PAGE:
A little bit bookish: Homegoing


The moment I heard about this book I knew I needed to read it. Did it live up to expectations? 

Everybody needs to read this book. Everybody. This book is so damn powerful its unreal. Yaa Gyasi weaves a tale that crosses generations and that will resound through generations to come.

This book is an absolute education. Two sisters that have never met and will never meet and how their circumstances effect the generations that follow them. One a slave traders wife, one a slave.

The novel follows Maame’s offspring as they live through African and American history. From the Gold Coast, to Mississippi, to Harlem. Giving a voice to generations that weren’t allowed one. Showing the pain and the struggle and culture of both African and African American societies.

Especially to an outsider of both cultures and nations this book opened my eyes, it showed in many cases that the grass isn’t always greener, especially in impossible situations.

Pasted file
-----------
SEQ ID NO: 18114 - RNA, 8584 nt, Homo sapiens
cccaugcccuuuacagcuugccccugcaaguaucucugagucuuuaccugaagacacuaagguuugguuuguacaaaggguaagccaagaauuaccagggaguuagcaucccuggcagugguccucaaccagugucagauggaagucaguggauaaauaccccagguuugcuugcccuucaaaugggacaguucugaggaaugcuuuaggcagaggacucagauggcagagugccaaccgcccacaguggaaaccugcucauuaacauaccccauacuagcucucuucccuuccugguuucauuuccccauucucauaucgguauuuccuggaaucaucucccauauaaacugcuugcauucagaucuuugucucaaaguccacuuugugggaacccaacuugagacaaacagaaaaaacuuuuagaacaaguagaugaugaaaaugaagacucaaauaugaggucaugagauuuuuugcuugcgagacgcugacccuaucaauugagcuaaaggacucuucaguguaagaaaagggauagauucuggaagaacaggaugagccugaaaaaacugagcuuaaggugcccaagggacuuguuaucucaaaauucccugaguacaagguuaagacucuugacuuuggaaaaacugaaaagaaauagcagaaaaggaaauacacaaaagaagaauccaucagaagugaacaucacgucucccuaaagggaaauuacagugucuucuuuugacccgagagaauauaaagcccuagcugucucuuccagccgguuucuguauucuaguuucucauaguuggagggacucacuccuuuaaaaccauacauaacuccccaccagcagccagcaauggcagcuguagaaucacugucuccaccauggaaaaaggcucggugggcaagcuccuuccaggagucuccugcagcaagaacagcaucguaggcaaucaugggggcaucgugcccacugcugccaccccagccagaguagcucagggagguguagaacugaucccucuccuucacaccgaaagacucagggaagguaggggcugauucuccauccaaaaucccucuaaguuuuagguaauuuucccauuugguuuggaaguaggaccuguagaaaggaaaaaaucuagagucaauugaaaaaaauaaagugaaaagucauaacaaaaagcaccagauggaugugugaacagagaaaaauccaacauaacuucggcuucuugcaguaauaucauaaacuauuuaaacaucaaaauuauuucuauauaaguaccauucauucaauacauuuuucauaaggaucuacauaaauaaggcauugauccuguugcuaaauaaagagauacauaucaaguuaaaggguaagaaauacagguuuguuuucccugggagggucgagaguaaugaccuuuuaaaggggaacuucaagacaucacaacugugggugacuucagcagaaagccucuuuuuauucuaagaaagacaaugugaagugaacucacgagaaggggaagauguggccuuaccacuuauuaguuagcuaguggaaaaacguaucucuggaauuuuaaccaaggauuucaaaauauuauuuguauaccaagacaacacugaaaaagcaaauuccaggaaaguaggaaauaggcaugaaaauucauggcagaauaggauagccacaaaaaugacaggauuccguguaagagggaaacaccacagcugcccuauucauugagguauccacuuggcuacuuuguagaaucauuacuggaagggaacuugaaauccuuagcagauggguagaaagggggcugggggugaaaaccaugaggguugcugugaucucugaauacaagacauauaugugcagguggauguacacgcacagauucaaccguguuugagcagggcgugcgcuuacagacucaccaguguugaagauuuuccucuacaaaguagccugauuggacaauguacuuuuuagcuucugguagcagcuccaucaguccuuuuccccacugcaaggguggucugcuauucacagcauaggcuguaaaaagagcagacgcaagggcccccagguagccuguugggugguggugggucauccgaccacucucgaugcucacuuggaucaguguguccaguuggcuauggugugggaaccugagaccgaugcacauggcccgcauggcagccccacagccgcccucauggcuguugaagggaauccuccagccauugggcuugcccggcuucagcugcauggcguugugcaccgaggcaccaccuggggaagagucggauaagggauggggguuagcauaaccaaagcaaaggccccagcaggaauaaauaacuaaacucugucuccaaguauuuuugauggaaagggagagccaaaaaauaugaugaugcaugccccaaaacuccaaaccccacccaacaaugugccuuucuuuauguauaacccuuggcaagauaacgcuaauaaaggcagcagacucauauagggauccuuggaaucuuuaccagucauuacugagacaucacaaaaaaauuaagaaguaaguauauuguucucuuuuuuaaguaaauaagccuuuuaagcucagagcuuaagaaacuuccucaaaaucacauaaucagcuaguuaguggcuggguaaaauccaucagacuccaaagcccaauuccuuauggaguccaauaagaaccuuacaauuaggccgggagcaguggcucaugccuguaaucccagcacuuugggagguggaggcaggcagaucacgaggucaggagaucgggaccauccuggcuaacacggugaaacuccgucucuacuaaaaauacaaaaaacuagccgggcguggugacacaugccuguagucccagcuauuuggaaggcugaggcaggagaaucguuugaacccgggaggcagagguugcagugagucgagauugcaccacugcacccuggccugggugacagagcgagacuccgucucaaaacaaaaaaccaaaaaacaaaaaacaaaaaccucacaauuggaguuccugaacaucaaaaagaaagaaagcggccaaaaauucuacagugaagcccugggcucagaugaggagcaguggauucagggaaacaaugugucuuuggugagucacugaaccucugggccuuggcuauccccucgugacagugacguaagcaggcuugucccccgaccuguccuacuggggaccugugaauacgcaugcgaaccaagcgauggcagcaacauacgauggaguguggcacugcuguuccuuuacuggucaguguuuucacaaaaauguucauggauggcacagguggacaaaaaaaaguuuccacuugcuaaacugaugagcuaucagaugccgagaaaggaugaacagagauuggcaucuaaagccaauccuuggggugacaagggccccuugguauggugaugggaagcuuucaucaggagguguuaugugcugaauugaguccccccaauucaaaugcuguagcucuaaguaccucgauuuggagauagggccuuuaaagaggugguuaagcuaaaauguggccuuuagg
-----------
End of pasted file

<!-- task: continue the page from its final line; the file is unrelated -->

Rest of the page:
This novel covers human issues ranging from slavery, to sexuality, abuse, exploitation, expectation, reputation, racism and revolution.

Not only is this book beautifully  and very cleverly written it is an eye opener. Well written and well researched, each point of view is carefully crafted and characterised. This novel doesn’t just show the atrocities of slavery as so many have in the past but it shows it for what it is today. An open wound that will never heal, that will never not have impact on current and future generations. As something that can never be forgotten.

This novel discuss the question of home. When whole races and nations are torn apart, dislodged from their homes to new places where they are only welcome as commodities, how do they find home when slavery is abolished? Will this new world ever feel right? Will Africa ever feel right again either?

The novel ends with a sense of uncomfortable confusion, the lasting effects of the slave trade in the modern world. A very relevant and sensitive issue even now in 2017.

If you do nothing else this year, read this book. A novel about how history shapes us all will in turn shape you.

Have you read Homegoing? What were your thoughts? 

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